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FAQs About R-22 and Your Air Conditioner

Chances are you have already heard of the newer regulations surrounding your air conditioner’s refrigerant. US Environmental Protection Agency (EPA) set mandates to phase out producing, importing, and using the refrigerant R-22, commercially known as Freon®, here in the United States.

At Tassio Temperature Control, our heating, ventilation, and air conditioning (HVAC) professionals are asked regularly about R-22 by Canoga Park homeowners and how these regulations affect them. Here are the most common questions we receive.

    1. What are these refrigerant regulations for air conditioners?
      Currently there is a worldwide effort to protect the ozone layer. In 1987, there was an international treaty created called the Montreal Protocol on Substances that Deplete the Ozone Layerspecifying a phaseout schedule of harmful chemical compounds considered ozone-depleting substances (ODS).
      To comply with the Montreal Protocol, there are now EPA regulations stipulating the amount of ODS legally produced in, imported into, and used in the United States. One of the ODSs is the common refrigerant R-22 or Freon. By 2020, this hydrochlorofluorocarbon, or HCFC-22, can no longer be imported or produced here.
    2. Do I have R-22 in my air conditioner?
      Not everyone’s air conditioner here in CITY uses R-22. You can check your system yourself to see what your air conditioner uses. To check, look on your air conditioner’s data plate or nameplate to see the type of refrigerant your system needs. Look on the side of your outdoor condenser or your indoor air handler, depending what your system uses. If it uses R-22, it will read R-22 or maybe HCFC-22.If your data plate or nameplate lists another refrigerant, the alternatives are R-410A or HFC-410A (commercially called Puron®, EcoFluor®, Forane®, or Genetron®). These replacement refrigerants or hydrofluorocarbons were created as step-down phaseout compounds. Additional alternative refrigerants used are R-134a, R-404A, R-507, and R-407c. Typically the best alternative option for residential air conditioners is R-410A.There is a bit more time, but by the year 2050, these too will be phased out. While they pose no harm to the ozone layer as do the HCFCs, they are greenhouse gases with a high global-warming potential (GWP), much like HCFCs and their predecessors, the chlorofluorocarbons or CFCs.If you cannot find your air conditioner’s refrigerant type on the equipment itself, you might be able to identify its name by your system’s manufacture date. You will use R-22 if yours was manufactured before 1996. If its manufacture date is 1996 through 2009, it could be either R-22 or another like R-410A. If your system was manufactured in 2010 or later, the refrigerant will most likely be an alternative such as R-410A, since beginning January 1, 2010, all new systems were required to utilize an alternative.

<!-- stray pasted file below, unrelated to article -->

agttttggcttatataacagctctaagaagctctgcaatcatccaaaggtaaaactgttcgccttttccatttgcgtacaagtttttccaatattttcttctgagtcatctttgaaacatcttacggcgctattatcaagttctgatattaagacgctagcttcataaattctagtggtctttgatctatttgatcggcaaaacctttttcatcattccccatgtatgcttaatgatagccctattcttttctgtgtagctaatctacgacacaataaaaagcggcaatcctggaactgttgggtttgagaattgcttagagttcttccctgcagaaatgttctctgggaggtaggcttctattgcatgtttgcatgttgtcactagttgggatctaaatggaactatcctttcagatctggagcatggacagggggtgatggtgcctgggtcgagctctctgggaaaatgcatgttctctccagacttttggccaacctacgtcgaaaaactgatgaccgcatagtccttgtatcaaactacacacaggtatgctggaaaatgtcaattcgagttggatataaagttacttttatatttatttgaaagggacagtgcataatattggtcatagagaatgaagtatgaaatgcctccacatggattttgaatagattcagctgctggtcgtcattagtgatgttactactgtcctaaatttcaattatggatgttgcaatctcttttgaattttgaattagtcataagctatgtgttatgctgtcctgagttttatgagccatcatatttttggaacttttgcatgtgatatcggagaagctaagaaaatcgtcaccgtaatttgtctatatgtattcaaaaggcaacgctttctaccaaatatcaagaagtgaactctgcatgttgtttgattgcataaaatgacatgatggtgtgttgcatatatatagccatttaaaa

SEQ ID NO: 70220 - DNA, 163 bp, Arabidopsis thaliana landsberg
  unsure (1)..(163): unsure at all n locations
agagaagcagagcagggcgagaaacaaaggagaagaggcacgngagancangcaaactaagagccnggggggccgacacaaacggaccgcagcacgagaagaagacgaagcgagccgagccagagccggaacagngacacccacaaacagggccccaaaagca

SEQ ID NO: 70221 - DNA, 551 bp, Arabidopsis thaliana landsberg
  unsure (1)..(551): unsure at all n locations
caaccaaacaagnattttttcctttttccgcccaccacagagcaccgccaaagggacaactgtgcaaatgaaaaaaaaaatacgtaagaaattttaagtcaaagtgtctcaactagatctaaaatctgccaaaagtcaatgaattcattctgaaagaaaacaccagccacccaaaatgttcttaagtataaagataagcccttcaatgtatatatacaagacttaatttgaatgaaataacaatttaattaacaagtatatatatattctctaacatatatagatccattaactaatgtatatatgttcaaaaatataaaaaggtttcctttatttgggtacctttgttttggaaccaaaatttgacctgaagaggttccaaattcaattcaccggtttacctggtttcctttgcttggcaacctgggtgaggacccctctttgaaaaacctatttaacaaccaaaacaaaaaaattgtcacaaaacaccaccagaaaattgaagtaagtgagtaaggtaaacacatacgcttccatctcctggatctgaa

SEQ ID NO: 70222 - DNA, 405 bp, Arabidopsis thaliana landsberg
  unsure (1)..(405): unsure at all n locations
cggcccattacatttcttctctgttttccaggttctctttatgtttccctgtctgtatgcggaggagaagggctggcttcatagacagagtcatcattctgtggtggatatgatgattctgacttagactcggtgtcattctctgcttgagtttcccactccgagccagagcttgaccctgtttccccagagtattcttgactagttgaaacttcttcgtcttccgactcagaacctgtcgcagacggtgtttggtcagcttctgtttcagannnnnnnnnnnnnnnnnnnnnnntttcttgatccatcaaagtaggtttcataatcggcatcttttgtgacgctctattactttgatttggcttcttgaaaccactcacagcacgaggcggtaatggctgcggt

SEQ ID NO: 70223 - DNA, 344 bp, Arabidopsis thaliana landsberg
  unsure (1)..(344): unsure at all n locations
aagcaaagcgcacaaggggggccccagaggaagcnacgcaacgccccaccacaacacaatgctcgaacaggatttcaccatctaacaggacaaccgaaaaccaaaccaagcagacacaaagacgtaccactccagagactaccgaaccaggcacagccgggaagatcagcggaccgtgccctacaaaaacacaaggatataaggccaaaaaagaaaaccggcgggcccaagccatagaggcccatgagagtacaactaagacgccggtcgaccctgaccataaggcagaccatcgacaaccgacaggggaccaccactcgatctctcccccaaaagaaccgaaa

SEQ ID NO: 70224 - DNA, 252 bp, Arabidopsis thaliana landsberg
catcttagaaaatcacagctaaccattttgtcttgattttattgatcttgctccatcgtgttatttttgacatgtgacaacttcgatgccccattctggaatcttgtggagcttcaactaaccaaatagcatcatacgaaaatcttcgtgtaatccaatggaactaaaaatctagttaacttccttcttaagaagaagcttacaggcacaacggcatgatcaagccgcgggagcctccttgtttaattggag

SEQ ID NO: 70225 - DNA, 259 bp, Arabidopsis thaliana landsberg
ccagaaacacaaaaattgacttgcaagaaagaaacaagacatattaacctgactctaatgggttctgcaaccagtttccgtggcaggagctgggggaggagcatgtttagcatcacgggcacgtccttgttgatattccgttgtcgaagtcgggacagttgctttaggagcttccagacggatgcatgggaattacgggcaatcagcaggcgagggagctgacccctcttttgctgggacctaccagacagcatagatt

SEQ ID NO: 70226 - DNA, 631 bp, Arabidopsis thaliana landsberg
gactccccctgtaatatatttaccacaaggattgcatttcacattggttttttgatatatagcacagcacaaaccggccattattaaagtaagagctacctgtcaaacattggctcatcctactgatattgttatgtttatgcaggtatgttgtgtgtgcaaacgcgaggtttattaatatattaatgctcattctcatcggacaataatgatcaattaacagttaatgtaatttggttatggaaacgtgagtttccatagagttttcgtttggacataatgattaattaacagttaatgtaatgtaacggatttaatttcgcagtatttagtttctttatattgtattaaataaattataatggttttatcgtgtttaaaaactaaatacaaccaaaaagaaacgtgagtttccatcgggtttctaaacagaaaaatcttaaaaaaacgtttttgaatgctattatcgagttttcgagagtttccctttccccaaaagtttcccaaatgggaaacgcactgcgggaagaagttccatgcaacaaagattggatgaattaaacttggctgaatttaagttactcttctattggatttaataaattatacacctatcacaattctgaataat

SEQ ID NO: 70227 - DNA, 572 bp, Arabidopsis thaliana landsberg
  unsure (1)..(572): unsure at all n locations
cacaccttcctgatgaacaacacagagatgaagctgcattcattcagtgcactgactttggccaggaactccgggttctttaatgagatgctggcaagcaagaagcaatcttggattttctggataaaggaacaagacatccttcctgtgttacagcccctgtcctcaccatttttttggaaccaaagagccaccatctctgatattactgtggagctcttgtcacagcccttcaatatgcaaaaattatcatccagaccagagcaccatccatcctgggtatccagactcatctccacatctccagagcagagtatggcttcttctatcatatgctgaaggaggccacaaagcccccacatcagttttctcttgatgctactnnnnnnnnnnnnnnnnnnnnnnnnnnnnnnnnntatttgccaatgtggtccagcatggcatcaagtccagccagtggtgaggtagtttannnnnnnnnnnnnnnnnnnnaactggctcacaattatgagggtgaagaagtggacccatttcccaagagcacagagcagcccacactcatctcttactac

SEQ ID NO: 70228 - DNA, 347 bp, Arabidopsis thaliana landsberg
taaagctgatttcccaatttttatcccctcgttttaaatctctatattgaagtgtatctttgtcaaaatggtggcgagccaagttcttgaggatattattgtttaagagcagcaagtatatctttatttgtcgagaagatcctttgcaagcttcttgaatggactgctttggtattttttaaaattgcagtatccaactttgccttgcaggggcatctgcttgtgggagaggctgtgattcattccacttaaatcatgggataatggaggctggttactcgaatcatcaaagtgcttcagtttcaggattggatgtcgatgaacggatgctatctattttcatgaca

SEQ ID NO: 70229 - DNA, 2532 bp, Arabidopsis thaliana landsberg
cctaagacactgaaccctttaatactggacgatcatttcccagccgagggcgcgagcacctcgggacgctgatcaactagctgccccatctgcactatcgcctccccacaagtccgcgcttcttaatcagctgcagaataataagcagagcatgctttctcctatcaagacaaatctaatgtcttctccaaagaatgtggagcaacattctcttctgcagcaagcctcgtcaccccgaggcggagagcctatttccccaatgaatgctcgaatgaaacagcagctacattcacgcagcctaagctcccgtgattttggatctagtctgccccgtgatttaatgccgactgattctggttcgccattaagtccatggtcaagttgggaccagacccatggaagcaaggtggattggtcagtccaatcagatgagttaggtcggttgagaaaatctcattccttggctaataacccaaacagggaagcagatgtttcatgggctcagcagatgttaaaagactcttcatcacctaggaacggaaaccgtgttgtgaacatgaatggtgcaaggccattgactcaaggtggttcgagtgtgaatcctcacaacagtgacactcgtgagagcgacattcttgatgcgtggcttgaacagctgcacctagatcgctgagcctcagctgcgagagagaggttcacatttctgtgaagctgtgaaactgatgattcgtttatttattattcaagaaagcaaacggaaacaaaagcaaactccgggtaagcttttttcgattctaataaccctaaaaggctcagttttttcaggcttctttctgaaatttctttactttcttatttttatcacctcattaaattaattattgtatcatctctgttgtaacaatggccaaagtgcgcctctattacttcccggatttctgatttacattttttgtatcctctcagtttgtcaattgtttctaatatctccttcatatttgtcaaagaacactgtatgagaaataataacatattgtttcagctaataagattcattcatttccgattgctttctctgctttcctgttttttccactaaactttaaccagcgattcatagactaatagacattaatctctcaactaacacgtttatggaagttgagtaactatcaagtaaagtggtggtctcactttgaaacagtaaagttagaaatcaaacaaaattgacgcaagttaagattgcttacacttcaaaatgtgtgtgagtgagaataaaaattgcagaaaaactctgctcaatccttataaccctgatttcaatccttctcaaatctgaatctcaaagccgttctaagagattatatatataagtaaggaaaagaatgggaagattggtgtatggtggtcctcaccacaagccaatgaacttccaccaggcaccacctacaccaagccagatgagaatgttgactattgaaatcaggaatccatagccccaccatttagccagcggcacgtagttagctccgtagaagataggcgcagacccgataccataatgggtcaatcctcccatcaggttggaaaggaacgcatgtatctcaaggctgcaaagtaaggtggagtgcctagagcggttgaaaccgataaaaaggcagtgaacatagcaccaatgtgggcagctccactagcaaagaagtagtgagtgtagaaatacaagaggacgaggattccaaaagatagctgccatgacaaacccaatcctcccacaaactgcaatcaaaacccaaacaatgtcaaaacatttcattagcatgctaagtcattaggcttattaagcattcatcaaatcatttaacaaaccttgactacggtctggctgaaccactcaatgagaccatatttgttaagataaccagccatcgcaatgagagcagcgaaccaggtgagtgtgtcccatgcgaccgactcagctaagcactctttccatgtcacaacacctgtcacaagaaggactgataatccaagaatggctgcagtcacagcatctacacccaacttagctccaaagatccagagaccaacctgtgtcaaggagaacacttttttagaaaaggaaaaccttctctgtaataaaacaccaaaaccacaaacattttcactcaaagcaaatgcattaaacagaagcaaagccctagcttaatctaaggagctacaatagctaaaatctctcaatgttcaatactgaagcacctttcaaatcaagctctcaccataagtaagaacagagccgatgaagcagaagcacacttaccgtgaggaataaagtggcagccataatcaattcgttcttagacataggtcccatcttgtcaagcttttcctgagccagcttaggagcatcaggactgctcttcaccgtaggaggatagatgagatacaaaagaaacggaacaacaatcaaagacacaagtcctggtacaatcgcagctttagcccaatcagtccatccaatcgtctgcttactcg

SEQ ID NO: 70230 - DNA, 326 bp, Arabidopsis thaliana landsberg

3. What should I do if my air conditioner uses R-22?
      At the moment, if your air conditioner is cooling your home well, you can simply continue to enjoy your air conditioner. On the other hand, if you are having problems with it sufficiently cooling your home, or you have this problem in the future, you need to have one of our cooling professionals evaluate your system. If we find your system is low on refrigerant, that means your air conditioner has a leak. At that point, you will need to decide if you will repair, retrofit, or replace the unit. You cannot use one of the newer refrigerants as a substitute in your system as is.